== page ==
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Summary: Jacob and Esau symbolize two different paths with different ends.

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Not Identical Twins

Genesis 25:19-28

We begin this morning a study on the life of Jacob. Jacob is mentioned as one of a triad of personalities, the God of Abraham, Isaac and Jacob. As Paul reminds us, all Scripture is profitable for doctrine and example. When Paul was saying this, he was referring primarily to what we call the Old Testament. The Old Testament has been somewhat neglected by Christians which is a tragic mistake. What does the study of the Old Testament have to offer the Christian? Come and see.

The Bible is not a disjointed series or stories and myths as Peter reminds us. Scripture tells us a story from Genesis to Revelation. The Old Testament shows us the progress of this story in what might appear at first to be disjointed snapshots. They are the revelation of the story of God in various times and places and which as Paul in Hebrews states are pointers to the more complete revelation which occurs in Jesus Christ. It is the story of God’s good creation, the fall of humankind, the seeking by God of fallen Adam and Eve, the promise of a child born to Eve being the means of our redemption, the progress towards that child who is Jesus Christ who dies for our sins and rises again and a promise of return and full restoration of God’s good creation.

We are in the part of the story where the selection of who this special child is revealed. It has already been shown that it would not be of Cain’s descendants, but Seth’s. It would be through the descendants of Noah. It would be through the descendants of Shem and not his other brothers. It would be from a descendant of Abraham. The promise would not come through his nephew and apparent heir, Lot. Neither would it be through Eliezer his servant or even Ishmael, but Isaac.

One of the themes of Scripture is the idea of the impossible birth that happens anyway by the intervention of God This all points to the virgin birth of Jesus. Abraham and Sarai could not produce any children. When it was physically impossible for Abraham to be a father and Sarai a mother, God intervened and Isaac was born.

We see that the promised son would come through the line of Isaac. But again, the Scripture tells us that Isaac and Rebekah could not have children either and the biological clock had was about to run out if it had not already. It was enough of a concern that Isaac prays to the Lord, a prayer which the Lord heard.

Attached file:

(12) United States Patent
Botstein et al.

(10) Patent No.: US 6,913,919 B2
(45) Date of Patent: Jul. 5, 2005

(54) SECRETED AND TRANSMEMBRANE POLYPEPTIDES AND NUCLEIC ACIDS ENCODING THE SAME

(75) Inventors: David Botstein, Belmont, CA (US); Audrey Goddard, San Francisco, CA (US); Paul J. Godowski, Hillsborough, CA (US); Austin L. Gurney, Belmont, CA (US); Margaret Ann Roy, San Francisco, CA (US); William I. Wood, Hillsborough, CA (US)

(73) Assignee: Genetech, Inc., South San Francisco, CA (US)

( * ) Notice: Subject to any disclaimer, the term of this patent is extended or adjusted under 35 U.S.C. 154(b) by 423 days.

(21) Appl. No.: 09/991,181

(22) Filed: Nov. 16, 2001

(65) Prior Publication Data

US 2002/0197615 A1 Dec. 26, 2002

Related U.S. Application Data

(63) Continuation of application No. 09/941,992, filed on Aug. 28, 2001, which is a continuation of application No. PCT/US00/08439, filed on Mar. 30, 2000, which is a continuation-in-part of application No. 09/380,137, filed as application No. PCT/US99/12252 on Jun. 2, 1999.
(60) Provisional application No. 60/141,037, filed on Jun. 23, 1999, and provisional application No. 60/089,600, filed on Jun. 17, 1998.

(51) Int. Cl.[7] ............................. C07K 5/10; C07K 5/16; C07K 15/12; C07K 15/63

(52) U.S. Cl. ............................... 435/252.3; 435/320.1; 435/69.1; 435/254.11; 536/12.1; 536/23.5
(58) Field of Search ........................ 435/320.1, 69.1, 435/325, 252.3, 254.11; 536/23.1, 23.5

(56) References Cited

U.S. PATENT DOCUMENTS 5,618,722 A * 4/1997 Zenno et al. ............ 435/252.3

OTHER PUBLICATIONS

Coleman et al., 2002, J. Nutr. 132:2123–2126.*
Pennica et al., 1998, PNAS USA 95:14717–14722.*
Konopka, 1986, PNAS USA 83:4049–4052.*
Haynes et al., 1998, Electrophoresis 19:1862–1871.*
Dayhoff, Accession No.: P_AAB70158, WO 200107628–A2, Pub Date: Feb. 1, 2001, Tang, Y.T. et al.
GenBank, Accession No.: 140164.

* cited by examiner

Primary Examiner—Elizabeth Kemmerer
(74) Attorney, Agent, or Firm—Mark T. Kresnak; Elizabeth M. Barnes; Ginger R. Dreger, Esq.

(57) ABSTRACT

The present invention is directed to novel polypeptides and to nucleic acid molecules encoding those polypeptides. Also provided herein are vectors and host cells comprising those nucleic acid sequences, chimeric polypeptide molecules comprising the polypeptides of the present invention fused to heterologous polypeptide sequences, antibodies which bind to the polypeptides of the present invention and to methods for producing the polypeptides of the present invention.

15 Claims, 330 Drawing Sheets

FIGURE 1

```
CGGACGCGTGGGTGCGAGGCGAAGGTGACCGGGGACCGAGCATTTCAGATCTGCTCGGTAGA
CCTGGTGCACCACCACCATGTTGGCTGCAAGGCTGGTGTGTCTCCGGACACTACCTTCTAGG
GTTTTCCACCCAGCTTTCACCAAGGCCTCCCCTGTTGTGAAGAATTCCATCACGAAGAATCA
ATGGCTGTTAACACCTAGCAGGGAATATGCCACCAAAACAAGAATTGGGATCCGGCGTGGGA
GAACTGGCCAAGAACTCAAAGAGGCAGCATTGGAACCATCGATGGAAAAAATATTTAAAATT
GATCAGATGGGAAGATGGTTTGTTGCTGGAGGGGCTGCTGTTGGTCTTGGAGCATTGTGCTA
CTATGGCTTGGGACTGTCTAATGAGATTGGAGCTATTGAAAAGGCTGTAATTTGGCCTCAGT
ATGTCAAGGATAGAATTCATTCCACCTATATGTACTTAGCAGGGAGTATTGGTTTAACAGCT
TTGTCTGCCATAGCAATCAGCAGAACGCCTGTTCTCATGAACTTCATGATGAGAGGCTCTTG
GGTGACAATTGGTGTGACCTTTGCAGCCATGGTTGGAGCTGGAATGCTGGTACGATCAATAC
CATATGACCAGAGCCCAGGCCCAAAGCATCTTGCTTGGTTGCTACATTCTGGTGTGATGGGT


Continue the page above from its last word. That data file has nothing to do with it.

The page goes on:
Rebekah had a very difficult pregnancy. She was so distressed that she asked the Lord in desperation for help. It was revealed to her that she would be the mother of twins. Even in the womb, these twins struggled which was prophetic of which of the two sons would be the ancestor of the promised child. This struggle would continue after the children were born.

There was something strange about the message which Rebekah received. The elder shall serve the younger. This was completely contrary to the popular thought of the day that the firstborn was the favorite son. Isaac certainly understood this as the text reveals. But God is not bound by human wisdom and convention. The special blessing of God would rest upon the younger child. Rebekah believed this and would act upon it.

The birth of the twins show that they were not identical at all. The one who came from the womb first was considered the firstborn. This child was called Esau. He was covered with red hair. His name means ‘red”. The second came grasping the heel of his brother was smooth of skin and was called Jacob which means “supplanter” or “deceiver.” This is not exactly a nice name, but it does describe what he would become.

The text says that Isaac showed special favor on Esau the firstborn and Rebekah on Jacob. This would become the source of strife in the family as we will see. But God had made His choice before the twins would be born. The promised child would come from Jacob and not Esau. Paul quoting Malachi reaffirms this in Romans where he says that God makes choices for Himself for His own purpose independent of human works and opinion. Whereas the statement “Jacob I loved, but Esau I hated has caused about as much strife among commentators as the twins had for each other. It would take too much time to dissect this here, but it certainly indicated God’s choice of Jacob to be the ancestor of the Messiah.

The twins were not identical or even similar. One became a hunter and the other a shepherd. Esau would become what some would call a “redneck” or “good old boy.” In many ways he would be seen as a fine example of manhood. There is nothing to indicate that he was anything but a model citizen of his day and time. He would become everything someone would expect of a leader.

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